RICHARD HUISH COLLEGE 01/06/2009The Huish Volcanologist Mt St Helens - What on Earth Happened? Nearly 30 years ago, Americas most beautiful volcano came to life after a 120 year period of dormancy in an explosive demonstration of earths terrifying power. This issue discusses the event, what effects the eruption had, how far on the road to recovery we are, and how much longer it will take. Most importantly this issue will question; can America cope with this disaster again? Referred to as the event that umns under 3km high) spawned the birth of Modern The United States Geo-Inside this issue: volcanology as a science, May logical Survey (USGS) the 18th 1980 is a day burned in had been on site sinceMay 18th 1980 1 the memory of millions of scien- the start of the activity. tists, residents and observers. A series of seismometerThe Primary Impacts 2 This was the first time a volcano- and geodetic stations logical event was so well record-MSH Lahars 2 (Geodesy is the study of ed, monitored and predicted, and the shape of the earth) then broadcast around the world.Long Term Recovery 3 were positioned around Important to scientists and stu- the volcano.Potential Hazards 4 dents alike as the only recent case study iof a major acidic By April the 3rd, the eruption in an MEDC, the les- governor had declared a state of magma and other ejectiles thatFurther Reading 4 sons learned from this cataclys- emergency and order the evacu- moved at speeds of between mic eruption were far reaching, ation of most of the citizens 220km/hr at the start to over and led to many advanced moni- within the immediate danger 650km/hr over 20 miles away toring systems being installed on zone. One infamous resident, from the vent. The combina- other deadly volcanoes around Mr. Harry Truman, was among tion of the slide and flow the world. those who refused to leave his caused the lake level to be property and disbelieved the raised by 90m, feeding the In early march, the first signs of new ash deposits with water geologists warnings. significant activity since 1840 creating Lahars, and stripping were detected. Starting as a small As the eruption continues in bare the 600 square KM of swarm of earthquakes around the small bursts and harmonic trem- surrounding pine forests. volcano. Within 48 hours from ors for the next month, the pub- Timeline: noon on March 25th, over 174 lic began to loose interest, and This was the first time geolo- March—EQ’s signal evacuated residents exerted gists had ever realized the a quakes of magnitude 2.6 and awakening from a 123 over were recorded. By the week pressure on geologists to allow volcanic blast did not neces- year sleep of the 18th of May, there were 8 them back into the exclusion sarily go straight upwards, but April—State of Emer- zone on the 17th of May, a se- can come laterally out of the magnitude 4 or higher quakes per gency and evacuation day. cond trip back to houses for cone. For USGS Volcanolo- of residents and tourists possessions was planned for 10 gist David Johnston, pictured May 18th—massive For the next two months, the Oclock the next morning. left, this realization came too landslide triggers the North side of the mountain late as he was directly in the first lateral blast ob- swelled as magma was injected At 8:32 that Sunday morning, a path of the blast. served in history killing into the chamber, pushing the Magnitude 5.1 tremor loosed 57 people the north face and triggered a The eruption continued until north face upwards and out- wards. This massive landslide. The removal October 1980, killing 57 peo- started to desta- of just under 3 Km3 of mass ple and the effects were felt as bilize the slope, above the magma chamber trig- far away as Wales. Even today and numerous gered a massive eruption about the volcano is still rumbling, small collapses 7 seconds after the slide. The but much has been learned that and small erup- landslide was a significant vol- aids in current prediction and tions were ob- ume of material, however, the management around the served. initial release of pressure creat- world. (eruption col- ed a pyroclastic blast of molten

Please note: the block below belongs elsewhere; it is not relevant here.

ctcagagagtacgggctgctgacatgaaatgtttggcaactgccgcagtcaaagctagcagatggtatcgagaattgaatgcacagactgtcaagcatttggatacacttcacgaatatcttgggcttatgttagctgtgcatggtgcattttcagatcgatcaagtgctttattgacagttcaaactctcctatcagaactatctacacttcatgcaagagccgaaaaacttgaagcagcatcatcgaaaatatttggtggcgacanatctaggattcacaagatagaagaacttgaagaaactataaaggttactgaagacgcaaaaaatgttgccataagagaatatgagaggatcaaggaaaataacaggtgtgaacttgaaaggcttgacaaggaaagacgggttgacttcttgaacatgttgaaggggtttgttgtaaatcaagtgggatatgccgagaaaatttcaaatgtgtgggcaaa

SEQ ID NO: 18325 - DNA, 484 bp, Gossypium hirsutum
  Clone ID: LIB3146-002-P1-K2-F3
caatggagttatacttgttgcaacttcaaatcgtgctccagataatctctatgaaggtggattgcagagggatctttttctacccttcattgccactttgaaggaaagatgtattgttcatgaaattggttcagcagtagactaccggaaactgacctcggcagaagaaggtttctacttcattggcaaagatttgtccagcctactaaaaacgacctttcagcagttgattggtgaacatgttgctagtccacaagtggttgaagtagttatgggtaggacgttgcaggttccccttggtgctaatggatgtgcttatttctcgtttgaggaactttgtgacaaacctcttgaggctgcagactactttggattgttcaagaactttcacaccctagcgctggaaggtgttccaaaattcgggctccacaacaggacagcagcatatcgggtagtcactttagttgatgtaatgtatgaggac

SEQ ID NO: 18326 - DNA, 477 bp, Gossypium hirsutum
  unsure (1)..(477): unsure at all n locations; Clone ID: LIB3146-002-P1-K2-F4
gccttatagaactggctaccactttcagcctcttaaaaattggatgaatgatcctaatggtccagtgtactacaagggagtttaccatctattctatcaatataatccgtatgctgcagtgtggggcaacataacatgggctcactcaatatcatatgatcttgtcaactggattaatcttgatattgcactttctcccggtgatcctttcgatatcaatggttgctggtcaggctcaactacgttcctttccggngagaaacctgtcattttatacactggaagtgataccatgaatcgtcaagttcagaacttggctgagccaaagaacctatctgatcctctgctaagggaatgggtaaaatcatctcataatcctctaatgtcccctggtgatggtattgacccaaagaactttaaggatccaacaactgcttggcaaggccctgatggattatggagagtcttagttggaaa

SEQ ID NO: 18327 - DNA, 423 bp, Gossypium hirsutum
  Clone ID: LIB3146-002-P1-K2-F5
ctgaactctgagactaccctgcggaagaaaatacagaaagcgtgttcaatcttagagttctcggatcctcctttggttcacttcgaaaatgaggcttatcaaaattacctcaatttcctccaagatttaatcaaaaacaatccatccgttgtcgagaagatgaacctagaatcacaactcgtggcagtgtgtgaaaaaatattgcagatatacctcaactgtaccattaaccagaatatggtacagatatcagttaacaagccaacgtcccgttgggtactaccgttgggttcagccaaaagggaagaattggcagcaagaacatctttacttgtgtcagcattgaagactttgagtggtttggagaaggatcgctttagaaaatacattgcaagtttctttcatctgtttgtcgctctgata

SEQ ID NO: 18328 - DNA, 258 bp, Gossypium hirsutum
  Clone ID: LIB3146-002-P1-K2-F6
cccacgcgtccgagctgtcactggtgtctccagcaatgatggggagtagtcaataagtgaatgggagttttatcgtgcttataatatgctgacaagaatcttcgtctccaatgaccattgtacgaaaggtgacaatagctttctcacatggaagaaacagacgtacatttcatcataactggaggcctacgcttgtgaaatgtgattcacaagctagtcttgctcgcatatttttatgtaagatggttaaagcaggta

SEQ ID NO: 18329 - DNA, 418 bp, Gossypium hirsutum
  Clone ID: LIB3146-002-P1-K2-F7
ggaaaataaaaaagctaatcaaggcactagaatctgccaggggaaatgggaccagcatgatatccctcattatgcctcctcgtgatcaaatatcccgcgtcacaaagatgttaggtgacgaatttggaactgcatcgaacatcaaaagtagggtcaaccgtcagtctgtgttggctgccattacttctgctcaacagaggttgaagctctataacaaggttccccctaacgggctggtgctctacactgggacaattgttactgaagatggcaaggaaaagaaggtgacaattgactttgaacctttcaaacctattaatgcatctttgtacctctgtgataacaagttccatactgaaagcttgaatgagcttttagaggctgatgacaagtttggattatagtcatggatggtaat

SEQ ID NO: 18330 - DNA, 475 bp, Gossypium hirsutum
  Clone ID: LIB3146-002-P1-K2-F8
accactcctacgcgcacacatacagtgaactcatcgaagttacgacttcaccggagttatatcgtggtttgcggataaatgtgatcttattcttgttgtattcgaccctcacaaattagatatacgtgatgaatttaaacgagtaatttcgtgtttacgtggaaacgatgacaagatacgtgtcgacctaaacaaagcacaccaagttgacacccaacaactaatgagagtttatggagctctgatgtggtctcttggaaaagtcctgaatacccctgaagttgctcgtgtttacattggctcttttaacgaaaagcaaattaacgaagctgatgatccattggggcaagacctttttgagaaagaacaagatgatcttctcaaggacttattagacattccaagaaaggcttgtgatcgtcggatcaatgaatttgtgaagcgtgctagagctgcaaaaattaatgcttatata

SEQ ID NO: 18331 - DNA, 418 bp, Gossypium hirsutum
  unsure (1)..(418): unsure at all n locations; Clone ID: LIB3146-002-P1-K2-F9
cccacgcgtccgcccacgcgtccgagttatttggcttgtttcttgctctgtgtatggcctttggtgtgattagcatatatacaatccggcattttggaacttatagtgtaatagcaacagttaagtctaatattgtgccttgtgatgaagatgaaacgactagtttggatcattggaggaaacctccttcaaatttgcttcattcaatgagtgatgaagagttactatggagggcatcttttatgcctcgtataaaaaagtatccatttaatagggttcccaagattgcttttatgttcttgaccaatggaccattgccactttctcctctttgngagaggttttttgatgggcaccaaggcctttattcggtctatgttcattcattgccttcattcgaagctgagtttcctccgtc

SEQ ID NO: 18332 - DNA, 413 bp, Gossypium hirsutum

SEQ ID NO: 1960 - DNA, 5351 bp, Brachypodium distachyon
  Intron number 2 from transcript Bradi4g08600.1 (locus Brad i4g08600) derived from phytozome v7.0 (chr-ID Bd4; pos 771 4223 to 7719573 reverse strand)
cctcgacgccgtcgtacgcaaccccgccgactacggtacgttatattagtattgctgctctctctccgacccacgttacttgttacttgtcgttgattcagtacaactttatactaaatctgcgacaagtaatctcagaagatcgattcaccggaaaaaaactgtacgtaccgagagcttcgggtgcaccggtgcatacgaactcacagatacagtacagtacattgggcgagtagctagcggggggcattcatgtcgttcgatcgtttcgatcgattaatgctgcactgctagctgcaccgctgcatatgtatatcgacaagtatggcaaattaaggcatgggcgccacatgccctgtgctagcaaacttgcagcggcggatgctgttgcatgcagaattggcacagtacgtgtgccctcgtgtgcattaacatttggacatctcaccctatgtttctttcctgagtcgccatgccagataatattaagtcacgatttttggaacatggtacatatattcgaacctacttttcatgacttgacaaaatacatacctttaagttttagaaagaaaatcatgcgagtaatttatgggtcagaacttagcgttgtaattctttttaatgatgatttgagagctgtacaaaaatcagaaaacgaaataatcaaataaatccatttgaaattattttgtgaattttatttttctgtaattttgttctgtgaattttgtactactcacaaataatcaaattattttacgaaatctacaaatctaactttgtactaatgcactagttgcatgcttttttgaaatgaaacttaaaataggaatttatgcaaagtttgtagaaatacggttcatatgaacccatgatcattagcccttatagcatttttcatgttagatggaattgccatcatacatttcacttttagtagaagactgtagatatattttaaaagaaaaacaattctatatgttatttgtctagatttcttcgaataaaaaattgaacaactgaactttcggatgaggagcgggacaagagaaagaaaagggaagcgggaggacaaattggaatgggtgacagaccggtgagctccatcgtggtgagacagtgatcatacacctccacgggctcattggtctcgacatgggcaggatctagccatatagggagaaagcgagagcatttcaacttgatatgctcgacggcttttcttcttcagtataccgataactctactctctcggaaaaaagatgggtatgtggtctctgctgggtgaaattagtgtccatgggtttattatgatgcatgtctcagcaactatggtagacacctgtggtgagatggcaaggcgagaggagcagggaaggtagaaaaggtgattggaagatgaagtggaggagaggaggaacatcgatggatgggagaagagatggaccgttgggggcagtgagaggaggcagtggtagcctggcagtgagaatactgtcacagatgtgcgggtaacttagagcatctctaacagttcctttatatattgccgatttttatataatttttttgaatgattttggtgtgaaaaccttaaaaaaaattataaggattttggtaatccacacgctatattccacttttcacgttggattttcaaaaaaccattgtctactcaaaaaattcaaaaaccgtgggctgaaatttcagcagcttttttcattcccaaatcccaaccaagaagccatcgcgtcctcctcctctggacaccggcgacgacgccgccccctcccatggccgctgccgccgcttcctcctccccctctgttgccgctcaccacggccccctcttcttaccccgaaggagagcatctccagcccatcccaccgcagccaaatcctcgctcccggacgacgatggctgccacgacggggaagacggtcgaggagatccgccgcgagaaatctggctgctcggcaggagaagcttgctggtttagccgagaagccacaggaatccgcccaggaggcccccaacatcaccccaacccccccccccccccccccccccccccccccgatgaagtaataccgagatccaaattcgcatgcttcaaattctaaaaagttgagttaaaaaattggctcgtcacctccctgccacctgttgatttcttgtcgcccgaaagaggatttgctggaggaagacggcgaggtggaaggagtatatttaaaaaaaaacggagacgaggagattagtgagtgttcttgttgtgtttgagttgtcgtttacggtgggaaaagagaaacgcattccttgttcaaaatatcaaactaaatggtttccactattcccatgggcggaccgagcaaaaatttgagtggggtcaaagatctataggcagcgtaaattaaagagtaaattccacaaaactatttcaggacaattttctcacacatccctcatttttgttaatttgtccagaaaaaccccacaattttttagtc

Page 2 The Huish Volcanologist Special Edition (400 m) and left a crater 1 to 2 miles (2 to 3 km) wide and The Primary Impacts 2,100 feet (640 m) deep with its north end open in a huge breach. The Ash and subsequent 17 pyroclastic flows deposit- The impacts of any geomorphologi- ed ash in 11 US states. 4 Billion Board feet worth of timber cal event are split into primary and was destroyed, one of the defining factors in the low mortali- secondary. The most significant pri- mary impact in this case was the ty rate was that as it was a Sunday, had it been any other day blast, which at times crossed the of the week, 300 loggers would have been working in the sonic boundary. The debris flow was blast zone. superseded by a gas cloud moving Environmentally the devastation was total within the baslt slightly faster, the average tempera- zone, for 30km around the main vent, the thermal blast ture of these clouds is 1000 degrees. seared all life, and covered land and water alike with thick Containing blocks the size of double ash deposits. 1500 elk and 5000 deer were killed, and as Decker buses, molten lava amany as 7000 big game animals such as brown and parts of the volcano bear. 12 Million Salmon and Chinook fingerlings wall, this cloud instantly “The nature ofCaption describing pic- movement was (small fish) died as the lakes acidified and boiled, vaporized water it came eerie.... Theture or graphic. entire mass began and over 40 000 mature salmon were forced to flee into contact with and to ripple and the waters through turbines they normally swam carbonized all organic churn up, without moving laterally. over. matter. Then the entire north side of the In terms of issues to populations, poor visibilityThe blast itself did not last longer than 30 seconds, but summit beganwithin that time it had devastated areas as far away as sliding to the closed several airports in Washington state, Inter- north” state 90 was closed for two weeks, 1000 commer-30km, and the extreme heat caused devastation muchfurther afield. cial flights were cancelled. Sewerage and water sys- Keith Stoffel, Geologist flying tems were clogged, with many local businesses clos-What the blast did, was to open up the throat of the over the eruption column ing for the duration.magma chamber, relieving pressure and causing mag-ma from deeper sources to ruch into and recharge thechamber. Once started, the volcano formed an eruption columnthat reached 19km high within 10 minutes. This column fed otherflows that sped down the flanks, and volcanic bombs to fall fur-ther from the vent which created pits almost 20m deep and send-ing as almost 2km up into the air.Fifty-seven people were killed and 200 homes, 27 bridges,15 miles (24 km) of railways and 185 miles (300 km) of high-way were destroyedThe eruption ejected more than 1 cubic mile (4 km³) of materi-al. A quarter of that volume was fresh lava in the form of ash,pumice, and volcanic bombs while the rest was fragmented,older rock.The removal of the north side of the mountain (13% of the Melting of the summit glaci-cones volume) reduced St. Helens height by about 1,313 feet ers—fed theinitial lahars which started in the summit zone at MSH: Lahars around 90MPH slowing to 3KMPH 30 km away. These One of the most significant hazards flows moved upstream along during and after the eruption was the the Cowlitz river by 27 miles, in generation of lahars. These came a 4m high wall of muddy water from several sources and were used as an example of what could and in- The mountain streams and deed did happen in the Nevado Del brooks—becoming clogged Ruiz eruption. with ash Spirit lake– overwhelmed by In total the lahars were responsible for the landslide and the lateral some major damage including de- blast, the water boiled killing stroying 27 bridges, 298km of high- all aquatic life and then mobi- ways, 25km of railways and stranding lized the settling ash into a 31 ships in the Columbia River whose lahar depth was reduced from 12 to 4m.